The castle was built in the latter part of the 11th century on a steep hill.
There are remains of the 11th century enclosure and hall and of an early 12th century great tower.
The 13th century was the time of the castle's greatest history. King John considered it to be his favourite residence and spent a great deal improving the royal accommodation and defences. To the east of the Henry I keep he built a fine hall and chapel together with domestic buildings, known as the Gloriette.
In the 13th century Henry III constructed additional walls and towers including two gatehouses. In addition, he had the exterior walls whitewashed (as he also did at the Tower of London).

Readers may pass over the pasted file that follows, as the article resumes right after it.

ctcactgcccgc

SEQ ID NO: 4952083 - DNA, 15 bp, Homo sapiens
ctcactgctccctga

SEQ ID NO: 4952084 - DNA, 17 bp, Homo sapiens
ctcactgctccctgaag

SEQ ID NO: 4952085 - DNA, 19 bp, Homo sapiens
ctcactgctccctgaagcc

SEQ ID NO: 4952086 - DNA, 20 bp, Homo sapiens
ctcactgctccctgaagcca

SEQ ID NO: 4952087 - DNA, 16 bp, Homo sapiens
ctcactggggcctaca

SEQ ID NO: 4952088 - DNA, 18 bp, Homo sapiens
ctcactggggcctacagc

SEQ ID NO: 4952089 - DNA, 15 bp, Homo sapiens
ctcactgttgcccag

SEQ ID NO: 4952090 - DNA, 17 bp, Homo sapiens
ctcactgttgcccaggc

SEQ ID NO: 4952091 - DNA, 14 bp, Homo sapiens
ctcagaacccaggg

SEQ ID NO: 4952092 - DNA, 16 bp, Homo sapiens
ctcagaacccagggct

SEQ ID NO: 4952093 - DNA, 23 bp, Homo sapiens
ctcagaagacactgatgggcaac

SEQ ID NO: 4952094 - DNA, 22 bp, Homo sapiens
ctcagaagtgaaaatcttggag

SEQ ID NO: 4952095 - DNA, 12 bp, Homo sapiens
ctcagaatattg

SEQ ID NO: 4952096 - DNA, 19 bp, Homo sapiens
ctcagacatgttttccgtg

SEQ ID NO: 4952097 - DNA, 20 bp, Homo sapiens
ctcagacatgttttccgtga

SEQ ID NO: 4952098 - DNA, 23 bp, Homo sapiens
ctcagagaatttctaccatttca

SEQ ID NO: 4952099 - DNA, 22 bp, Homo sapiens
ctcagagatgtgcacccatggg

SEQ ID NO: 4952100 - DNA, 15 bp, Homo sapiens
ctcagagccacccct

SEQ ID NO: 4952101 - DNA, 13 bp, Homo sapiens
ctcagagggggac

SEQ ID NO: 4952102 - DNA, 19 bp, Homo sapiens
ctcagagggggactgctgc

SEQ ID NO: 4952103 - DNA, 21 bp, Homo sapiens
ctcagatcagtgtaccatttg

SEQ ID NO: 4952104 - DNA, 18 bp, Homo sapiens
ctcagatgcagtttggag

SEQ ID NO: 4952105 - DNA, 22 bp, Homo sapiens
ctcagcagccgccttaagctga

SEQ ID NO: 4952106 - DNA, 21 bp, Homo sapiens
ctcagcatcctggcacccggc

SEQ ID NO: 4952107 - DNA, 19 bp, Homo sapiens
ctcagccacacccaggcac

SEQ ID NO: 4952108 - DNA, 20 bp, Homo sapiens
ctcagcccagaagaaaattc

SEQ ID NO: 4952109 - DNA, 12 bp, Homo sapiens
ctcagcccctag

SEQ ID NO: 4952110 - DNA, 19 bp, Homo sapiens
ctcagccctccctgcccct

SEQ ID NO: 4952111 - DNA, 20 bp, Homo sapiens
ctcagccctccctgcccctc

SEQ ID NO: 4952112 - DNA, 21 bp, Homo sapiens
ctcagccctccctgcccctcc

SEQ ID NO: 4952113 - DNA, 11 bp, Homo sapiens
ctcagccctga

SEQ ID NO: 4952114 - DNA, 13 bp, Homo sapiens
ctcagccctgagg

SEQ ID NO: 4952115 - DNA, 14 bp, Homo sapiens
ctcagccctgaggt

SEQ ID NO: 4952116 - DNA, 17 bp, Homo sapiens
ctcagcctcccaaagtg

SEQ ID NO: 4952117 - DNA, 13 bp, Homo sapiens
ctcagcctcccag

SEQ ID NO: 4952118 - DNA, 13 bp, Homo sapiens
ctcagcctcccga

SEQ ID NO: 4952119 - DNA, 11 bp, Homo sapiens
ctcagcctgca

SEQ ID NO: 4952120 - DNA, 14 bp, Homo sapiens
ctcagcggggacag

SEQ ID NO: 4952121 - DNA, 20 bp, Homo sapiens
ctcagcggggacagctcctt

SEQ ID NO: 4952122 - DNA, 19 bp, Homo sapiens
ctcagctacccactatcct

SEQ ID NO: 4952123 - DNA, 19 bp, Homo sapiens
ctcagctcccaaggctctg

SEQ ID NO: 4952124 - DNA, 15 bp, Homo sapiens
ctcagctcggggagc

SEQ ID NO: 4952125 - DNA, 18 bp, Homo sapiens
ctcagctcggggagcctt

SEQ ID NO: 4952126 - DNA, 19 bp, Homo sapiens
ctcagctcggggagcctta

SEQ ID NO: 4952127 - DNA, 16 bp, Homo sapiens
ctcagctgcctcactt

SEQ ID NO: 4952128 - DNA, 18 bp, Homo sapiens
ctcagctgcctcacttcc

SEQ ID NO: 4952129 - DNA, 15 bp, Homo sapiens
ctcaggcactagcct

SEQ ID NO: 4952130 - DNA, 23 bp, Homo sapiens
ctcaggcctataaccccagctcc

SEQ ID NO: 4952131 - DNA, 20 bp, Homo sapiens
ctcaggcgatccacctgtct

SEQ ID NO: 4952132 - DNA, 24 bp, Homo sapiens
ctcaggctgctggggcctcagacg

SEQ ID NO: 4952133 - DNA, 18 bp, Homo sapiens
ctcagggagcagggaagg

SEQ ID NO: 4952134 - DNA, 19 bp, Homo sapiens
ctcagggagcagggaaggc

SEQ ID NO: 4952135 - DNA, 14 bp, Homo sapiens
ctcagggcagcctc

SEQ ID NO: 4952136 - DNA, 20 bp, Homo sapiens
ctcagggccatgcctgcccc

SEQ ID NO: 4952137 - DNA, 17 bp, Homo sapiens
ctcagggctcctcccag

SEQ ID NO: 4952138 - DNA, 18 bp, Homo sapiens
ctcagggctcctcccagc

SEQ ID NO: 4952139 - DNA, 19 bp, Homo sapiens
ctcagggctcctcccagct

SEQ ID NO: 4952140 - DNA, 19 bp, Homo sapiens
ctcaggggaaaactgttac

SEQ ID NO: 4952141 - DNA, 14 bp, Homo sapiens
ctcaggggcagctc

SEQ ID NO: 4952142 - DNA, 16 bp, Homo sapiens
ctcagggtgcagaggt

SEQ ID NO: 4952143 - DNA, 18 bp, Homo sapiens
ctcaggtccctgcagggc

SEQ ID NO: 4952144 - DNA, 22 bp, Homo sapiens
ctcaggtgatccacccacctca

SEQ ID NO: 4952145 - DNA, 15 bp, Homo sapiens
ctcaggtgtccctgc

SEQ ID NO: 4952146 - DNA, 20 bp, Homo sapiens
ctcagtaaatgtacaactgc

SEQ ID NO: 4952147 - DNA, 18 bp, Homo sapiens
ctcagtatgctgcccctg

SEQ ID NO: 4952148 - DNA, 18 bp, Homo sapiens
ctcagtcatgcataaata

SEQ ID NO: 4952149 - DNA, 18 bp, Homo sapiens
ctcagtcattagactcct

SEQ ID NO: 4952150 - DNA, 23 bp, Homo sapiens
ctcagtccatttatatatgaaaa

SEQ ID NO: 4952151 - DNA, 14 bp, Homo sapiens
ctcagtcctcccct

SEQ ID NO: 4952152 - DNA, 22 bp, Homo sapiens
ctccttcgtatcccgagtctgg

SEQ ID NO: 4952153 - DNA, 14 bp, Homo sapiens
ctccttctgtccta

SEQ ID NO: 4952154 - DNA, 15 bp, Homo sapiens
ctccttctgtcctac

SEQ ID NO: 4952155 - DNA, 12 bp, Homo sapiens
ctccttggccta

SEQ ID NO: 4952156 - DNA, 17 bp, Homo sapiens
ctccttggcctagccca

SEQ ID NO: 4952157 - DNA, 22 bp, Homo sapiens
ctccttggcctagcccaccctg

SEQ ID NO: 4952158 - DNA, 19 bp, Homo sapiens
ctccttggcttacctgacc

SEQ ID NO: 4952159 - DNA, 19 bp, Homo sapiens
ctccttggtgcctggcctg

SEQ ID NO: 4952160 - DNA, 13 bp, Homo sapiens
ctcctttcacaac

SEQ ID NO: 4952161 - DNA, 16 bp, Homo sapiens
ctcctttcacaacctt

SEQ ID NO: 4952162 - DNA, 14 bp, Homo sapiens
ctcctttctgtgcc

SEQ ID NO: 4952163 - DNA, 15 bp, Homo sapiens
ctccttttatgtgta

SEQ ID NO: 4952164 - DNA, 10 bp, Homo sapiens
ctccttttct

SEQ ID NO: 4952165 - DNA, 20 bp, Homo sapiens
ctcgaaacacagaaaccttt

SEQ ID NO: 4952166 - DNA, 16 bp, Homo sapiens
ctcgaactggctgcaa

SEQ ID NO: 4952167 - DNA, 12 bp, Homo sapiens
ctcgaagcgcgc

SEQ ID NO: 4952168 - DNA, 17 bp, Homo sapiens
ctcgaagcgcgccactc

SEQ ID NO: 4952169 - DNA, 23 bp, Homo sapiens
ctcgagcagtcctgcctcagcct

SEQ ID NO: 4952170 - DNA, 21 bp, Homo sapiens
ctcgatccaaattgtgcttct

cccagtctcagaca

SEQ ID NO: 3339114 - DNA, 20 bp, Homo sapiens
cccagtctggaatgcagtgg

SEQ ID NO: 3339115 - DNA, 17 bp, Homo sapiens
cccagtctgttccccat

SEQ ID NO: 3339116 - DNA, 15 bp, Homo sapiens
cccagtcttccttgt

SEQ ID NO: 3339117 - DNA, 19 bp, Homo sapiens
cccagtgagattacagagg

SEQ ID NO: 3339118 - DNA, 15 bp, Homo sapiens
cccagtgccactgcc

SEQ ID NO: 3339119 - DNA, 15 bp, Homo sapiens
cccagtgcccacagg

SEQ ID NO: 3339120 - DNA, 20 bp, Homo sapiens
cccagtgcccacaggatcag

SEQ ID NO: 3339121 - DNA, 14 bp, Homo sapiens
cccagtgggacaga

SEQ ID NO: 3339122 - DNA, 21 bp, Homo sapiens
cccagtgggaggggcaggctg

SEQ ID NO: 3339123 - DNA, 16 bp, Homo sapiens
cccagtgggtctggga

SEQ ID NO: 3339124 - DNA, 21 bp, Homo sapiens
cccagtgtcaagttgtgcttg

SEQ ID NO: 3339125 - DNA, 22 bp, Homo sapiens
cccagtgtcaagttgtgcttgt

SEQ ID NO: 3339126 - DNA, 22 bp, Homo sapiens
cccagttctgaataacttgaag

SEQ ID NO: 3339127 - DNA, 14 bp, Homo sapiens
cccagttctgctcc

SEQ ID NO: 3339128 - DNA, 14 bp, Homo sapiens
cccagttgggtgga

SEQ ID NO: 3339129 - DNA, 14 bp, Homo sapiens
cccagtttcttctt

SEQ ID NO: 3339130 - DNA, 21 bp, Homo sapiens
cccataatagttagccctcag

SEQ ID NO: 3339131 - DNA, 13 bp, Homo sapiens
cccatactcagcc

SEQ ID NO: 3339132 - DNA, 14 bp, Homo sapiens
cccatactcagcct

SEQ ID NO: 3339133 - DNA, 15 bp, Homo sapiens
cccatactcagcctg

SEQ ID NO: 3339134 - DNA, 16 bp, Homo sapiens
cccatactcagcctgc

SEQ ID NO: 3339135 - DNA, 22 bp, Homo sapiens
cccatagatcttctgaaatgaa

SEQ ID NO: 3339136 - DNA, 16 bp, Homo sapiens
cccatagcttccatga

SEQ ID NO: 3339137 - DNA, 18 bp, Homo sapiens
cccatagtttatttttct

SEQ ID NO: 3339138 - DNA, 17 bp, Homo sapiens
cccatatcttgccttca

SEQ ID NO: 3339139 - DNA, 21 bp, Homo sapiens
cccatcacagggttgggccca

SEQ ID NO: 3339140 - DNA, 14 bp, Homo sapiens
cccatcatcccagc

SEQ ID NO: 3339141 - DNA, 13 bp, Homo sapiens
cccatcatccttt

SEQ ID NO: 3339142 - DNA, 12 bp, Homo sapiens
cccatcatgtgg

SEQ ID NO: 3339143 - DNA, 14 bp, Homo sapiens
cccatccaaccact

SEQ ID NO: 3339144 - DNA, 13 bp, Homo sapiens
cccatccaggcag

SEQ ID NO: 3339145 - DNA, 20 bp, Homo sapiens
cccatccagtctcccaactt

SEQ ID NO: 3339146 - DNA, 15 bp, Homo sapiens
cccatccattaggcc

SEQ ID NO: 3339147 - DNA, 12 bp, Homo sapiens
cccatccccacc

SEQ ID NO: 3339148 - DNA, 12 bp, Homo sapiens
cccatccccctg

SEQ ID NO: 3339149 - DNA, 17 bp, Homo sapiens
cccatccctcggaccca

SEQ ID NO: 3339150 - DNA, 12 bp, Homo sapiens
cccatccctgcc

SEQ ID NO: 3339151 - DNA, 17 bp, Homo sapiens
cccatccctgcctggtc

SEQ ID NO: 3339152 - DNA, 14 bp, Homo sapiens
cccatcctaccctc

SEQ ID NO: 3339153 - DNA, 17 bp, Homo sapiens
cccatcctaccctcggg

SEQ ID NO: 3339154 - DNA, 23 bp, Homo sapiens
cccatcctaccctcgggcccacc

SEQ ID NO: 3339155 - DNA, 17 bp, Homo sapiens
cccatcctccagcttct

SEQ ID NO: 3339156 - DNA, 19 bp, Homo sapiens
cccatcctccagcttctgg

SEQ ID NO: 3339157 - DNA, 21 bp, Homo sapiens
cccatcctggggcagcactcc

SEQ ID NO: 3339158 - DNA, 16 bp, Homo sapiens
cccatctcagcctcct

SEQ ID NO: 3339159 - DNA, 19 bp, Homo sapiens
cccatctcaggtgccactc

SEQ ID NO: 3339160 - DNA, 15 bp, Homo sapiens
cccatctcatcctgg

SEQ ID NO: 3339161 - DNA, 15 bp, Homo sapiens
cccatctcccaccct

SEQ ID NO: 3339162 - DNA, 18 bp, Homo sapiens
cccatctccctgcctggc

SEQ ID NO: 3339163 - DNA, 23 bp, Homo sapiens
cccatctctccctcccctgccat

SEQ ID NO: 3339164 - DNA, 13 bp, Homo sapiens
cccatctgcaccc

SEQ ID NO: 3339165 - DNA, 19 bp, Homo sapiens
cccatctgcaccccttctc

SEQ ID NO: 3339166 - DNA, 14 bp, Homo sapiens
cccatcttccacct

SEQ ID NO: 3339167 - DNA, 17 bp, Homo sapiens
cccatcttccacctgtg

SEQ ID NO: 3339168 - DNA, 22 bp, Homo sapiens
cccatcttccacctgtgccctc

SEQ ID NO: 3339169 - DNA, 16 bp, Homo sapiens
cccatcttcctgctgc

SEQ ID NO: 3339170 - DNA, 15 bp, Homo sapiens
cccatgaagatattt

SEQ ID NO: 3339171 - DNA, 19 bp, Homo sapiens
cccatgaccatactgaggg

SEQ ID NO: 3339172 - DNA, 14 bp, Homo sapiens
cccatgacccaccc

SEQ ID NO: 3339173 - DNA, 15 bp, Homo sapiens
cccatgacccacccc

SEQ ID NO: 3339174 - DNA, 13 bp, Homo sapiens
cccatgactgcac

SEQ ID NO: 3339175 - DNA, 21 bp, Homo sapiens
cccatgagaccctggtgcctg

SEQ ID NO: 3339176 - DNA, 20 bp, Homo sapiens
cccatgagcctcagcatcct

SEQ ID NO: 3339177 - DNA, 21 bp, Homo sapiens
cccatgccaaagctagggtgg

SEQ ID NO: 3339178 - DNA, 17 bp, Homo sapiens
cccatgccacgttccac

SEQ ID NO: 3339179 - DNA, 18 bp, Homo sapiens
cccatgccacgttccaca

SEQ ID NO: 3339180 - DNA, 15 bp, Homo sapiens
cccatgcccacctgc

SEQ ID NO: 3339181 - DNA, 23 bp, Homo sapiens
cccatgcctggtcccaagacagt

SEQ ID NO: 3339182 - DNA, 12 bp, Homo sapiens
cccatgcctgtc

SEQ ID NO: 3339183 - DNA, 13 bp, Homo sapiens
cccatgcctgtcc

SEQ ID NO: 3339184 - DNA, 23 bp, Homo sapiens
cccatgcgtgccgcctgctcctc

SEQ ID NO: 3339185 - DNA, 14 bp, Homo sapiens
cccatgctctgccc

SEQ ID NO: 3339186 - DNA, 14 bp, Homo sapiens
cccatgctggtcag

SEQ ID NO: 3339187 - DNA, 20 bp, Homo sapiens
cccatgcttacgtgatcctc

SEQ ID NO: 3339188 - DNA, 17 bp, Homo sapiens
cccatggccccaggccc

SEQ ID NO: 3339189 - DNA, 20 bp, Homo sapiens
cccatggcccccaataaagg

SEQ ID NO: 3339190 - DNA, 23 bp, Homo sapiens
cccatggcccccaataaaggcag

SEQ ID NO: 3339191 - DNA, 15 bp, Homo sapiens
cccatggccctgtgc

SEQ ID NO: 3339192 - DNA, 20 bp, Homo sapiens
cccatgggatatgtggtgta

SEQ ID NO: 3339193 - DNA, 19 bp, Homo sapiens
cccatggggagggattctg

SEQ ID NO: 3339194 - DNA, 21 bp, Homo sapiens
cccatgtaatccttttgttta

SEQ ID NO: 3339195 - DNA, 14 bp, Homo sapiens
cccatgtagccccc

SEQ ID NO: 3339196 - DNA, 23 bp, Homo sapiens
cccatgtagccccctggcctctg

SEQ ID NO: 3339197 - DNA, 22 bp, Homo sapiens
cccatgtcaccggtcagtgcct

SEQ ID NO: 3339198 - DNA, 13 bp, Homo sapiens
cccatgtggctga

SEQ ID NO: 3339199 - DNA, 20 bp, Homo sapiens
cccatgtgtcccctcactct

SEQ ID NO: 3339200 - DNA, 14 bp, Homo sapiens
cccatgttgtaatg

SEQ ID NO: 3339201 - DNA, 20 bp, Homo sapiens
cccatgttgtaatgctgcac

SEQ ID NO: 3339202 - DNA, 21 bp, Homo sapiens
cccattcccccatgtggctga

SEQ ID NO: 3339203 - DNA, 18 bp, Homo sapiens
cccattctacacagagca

Edward I completed his father's work and the castle continued to be an important centre of the whole domain of Purbeck.
During the Civil War the castle was besieged on two occasions. In 1643 the Royalist castle withstood the attack but in 1646, having infiltrated the garrison with apparently friendly troops who later admitted the besiegers, the castle fell into Parliamentary hands.
Parliament voted to demolish the castle and, having thoroughly plundered the building, the castle was reduced to a ruin by gunpowder and mines.
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Tel: 01929 481294 - Infoline Corfe Castle Website